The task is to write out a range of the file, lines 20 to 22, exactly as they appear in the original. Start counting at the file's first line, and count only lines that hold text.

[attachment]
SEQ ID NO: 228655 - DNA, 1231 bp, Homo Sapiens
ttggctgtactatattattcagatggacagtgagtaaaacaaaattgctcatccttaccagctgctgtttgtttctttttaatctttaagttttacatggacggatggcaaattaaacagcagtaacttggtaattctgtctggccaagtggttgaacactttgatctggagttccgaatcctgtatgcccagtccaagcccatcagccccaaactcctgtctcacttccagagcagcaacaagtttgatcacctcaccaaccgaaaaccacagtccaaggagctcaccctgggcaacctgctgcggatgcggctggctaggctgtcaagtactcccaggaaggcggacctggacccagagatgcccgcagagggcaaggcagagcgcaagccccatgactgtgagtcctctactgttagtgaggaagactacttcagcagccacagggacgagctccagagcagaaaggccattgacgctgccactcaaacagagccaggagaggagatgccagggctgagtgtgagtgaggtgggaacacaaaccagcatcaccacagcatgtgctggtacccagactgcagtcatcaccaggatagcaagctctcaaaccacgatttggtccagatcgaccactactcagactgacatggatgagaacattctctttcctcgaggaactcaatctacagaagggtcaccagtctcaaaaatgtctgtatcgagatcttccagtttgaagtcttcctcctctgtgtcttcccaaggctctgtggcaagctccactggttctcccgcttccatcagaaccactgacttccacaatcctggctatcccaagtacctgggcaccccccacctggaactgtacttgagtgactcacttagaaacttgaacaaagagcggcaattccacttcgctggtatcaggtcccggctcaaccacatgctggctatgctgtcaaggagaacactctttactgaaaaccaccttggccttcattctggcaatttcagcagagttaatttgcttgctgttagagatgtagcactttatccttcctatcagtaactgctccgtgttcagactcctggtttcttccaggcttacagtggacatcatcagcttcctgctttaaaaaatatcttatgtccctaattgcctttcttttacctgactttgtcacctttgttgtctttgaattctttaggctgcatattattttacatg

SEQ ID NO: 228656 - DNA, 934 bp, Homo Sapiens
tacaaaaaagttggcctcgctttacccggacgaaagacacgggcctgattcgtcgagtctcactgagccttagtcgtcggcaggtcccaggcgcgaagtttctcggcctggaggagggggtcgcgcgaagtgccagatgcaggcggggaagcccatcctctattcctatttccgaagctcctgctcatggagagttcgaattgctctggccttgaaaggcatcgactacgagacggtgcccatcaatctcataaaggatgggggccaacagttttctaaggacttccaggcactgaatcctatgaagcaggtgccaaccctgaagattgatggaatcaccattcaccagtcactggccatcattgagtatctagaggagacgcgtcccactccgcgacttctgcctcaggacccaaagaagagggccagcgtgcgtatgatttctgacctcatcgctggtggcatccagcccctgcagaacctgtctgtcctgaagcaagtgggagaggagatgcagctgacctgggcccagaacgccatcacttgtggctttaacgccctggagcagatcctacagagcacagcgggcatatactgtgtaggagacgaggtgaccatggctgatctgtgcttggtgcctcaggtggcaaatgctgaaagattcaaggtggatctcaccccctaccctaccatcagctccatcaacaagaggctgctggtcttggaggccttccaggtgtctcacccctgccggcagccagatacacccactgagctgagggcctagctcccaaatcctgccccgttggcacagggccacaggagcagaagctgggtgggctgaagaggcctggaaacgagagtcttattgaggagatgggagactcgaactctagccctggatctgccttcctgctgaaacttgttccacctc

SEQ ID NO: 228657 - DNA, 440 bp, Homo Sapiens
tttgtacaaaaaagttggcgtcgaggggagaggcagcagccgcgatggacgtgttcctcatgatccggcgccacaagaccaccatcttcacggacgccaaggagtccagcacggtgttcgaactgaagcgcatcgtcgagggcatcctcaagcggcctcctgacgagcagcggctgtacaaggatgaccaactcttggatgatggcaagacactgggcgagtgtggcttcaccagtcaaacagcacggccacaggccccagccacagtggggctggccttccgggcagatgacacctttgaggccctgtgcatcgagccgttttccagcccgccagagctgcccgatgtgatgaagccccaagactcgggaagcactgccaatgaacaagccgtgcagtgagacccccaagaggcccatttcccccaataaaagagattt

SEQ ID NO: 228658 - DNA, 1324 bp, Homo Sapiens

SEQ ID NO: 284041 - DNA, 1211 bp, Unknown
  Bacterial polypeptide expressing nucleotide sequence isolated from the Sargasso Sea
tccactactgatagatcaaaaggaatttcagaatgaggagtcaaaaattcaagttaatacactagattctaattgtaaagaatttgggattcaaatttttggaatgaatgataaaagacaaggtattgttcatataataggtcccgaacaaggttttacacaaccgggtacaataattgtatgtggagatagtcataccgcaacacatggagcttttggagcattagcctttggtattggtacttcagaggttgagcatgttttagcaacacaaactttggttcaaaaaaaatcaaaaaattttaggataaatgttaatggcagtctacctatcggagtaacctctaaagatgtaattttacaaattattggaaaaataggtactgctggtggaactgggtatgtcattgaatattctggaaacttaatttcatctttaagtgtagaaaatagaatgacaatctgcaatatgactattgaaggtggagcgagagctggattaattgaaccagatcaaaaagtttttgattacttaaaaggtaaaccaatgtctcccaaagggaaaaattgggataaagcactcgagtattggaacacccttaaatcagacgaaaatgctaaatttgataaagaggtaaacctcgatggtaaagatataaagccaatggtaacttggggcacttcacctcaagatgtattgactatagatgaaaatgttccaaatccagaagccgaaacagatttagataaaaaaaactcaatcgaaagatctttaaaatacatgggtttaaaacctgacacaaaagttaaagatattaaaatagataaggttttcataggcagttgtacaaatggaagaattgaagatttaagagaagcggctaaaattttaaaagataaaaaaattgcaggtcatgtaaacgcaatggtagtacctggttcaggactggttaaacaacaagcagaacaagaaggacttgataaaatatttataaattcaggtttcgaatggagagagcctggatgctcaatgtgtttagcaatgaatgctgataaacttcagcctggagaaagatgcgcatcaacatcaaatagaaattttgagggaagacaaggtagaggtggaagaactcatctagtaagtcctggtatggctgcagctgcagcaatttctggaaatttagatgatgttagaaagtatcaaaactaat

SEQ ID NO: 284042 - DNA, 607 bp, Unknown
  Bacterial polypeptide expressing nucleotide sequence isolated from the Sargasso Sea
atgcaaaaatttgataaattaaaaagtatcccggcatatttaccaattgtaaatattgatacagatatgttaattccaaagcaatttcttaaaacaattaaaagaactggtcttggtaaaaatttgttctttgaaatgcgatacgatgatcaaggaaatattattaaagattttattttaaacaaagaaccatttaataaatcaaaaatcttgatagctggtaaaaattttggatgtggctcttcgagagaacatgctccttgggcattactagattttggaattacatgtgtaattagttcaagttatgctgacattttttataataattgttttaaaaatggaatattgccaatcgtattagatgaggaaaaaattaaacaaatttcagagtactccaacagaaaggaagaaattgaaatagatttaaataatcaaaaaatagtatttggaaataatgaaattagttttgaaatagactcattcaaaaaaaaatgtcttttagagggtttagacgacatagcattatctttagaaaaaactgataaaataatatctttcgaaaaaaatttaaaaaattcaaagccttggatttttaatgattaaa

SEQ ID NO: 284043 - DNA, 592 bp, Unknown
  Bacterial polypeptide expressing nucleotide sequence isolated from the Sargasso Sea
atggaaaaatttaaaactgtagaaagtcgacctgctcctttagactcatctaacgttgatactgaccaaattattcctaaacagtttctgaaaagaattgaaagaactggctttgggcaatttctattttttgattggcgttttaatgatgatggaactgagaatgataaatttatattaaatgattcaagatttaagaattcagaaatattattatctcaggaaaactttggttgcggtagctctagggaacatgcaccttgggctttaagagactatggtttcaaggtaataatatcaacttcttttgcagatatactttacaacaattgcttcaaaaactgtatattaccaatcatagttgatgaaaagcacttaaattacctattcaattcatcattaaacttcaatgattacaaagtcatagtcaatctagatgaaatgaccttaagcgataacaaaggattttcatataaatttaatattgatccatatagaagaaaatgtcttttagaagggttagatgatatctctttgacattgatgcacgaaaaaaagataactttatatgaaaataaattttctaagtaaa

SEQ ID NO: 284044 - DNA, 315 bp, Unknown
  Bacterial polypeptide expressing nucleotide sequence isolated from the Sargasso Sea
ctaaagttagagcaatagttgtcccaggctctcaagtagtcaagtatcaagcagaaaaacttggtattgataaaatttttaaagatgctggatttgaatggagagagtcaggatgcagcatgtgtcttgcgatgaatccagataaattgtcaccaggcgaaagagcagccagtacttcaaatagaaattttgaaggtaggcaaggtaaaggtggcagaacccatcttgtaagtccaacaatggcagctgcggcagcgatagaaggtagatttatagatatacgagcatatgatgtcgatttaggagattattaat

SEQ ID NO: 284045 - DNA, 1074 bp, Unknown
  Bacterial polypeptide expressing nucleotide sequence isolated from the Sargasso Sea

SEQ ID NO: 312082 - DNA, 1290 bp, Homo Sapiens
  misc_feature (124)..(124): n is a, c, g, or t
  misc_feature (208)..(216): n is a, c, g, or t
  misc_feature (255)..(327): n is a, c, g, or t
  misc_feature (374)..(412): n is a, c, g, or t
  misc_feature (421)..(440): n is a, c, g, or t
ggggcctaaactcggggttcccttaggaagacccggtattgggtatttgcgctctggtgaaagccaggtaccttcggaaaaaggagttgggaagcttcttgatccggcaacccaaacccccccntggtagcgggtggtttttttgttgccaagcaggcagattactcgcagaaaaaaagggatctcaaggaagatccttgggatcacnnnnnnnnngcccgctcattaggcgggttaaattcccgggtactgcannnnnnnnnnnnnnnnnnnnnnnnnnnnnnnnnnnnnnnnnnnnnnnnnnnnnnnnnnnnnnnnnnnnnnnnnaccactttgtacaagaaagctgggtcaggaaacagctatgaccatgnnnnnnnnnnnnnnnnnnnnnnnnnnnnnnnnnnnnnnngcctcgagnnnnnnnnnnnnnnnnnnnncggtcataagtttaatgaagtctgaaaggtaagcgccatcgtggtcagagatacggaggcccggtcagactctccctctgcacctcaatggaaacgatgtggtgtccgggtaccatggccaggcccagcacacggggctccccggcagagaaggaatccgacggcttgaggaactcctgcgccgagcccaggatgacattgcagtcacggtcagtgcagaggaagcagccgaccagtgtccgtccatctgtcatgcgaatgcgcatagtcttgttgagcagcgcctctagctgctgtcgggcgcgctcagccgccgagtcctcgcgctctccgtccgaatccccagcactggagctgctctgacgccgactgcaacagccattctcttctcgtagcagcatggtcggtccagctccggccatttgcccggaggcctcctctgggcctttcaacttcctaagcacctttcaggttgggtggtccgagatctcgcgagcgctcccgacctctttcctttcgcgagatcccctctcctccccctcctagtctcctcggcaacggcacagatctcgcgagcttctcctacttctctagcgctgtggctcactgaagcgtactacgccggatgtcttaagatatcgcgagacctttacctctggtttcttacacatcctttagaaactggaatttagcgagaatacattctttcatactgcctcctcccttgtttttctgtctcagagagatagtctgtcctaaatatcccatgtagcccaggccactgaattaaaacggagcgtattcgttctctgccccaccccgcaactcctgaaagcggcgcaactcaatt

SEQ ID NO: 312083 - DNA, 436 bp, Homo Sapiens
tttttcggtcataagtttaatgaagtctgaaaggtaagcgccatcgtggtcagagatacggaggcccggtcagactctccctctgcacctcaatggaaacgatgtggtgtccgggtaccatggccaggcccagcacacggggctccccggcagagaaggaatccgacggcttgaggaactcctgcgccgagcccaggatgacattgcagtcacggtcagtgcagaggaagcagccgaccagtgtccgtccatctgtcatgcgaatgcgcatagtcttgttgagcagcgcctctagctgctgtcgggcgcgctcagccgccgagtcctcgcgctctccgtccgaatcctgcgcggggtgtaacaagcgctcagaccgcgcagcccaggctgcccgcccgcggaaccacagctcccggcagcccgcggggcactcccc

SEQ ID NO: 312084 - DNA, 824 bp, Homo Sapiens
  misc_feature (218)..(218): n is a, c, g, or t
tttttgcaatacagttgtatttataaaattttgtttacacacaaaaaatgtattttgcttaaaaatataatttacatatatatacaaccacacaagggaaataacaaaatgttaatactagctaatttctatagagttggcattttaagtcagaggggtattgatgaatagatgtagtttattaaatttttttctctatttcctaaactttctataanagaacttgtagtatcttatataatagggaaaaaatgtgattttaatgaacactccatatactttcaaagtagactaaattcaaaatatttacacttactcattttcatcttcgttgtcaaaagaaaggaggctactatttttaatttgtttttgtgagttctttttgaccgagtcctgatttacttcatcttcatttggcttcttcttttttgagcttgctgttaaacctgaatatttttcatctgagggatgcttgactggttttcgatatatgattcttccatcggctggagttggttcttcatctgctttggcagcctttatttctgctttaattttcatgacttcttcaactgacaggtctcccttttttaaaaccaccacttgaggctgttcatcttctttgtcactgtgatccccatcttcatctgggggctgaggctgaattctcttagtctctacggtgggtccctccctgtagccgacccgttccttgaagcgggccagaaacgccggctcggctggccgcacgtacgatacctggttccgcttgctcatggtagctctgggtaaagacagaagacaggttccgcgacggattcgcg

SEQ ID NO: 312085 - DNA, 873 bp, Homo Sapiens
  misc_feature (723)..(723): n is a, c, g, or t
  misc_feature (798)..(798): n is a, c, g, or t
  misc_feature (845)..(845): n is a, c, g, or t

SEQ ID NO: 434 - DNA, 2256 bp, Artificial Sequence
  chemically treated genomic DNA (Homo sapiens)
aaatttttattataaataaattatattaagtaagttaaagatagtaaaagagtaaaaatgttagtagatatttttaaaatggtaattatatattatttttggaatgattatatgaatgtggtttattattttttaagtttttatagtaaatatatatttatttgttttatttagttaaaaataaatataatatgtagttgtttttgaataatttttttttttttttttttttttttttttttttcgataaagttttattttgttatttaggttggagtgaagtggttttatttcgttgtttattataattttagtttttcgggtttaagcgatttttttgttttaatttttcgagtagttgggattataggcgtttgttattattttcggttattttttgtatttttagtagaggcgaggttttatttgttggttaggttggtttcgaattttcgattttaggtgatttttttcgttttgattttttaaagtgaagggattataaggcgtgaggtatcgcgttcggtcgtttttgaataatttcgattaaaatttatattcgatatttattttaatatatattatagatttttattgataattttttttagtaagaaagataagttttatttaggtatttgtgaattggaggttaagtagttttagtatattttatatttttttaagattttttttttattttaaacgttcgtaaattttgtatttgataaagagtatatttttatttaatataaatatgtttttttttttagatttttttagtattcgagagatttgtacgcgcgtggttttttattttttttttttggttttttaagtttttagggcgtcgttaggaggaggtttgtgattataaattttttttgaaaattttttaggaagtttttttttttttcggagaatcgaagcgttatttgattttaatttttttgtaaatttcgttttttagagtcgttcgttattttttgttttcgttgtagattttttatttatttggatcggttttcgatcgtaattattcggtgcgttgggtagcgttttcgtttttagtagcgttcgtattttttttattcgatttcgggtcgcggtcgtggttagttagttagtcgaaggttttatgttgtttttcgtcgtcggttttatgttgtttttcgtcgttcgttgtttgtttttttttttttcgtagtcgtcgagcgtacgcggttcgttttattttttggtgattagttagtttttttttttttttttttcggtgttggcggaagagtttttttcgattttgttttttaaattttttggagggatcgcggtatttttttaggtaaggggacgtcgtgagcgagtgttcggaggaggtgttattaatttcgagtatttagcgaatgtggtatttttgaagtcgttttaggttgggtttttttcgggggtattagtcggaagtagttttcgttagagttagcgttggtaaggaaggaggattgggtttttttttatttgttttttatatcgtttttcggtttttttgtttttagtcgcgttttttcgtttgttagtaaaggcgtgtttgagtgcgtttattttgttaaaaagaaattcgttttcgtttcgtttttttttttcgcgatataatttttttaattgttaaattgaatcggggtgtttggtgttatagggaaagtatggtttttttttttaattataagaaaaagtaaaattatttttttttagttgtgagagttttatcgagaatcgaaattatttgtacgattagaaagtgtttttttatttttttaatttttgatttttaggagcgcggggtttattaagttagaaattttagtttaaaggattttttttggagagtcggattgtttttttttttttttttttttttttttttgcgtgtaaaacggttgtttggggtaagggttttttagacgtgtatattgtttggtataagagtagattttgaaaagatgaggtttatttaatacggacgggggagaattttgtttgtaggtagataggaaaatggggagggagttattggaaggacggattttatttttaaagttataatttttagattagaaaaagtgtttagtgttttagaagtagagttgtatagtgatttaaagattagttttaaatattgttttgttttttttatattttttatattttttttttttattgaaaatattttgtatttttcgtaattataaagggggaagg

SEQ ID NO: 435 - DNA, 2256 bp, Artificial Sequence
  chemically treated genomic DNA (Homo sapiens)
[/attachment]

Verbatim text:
SEQ ID NO: 284045 - DNA, 1074 bp, Unknown
  Bacterial polypeptide expressing nucleotide sequence isolated from the Sargasso Sea

SEQ ID NO: 312082 - DNA, 1290 bp, Homo Sapiens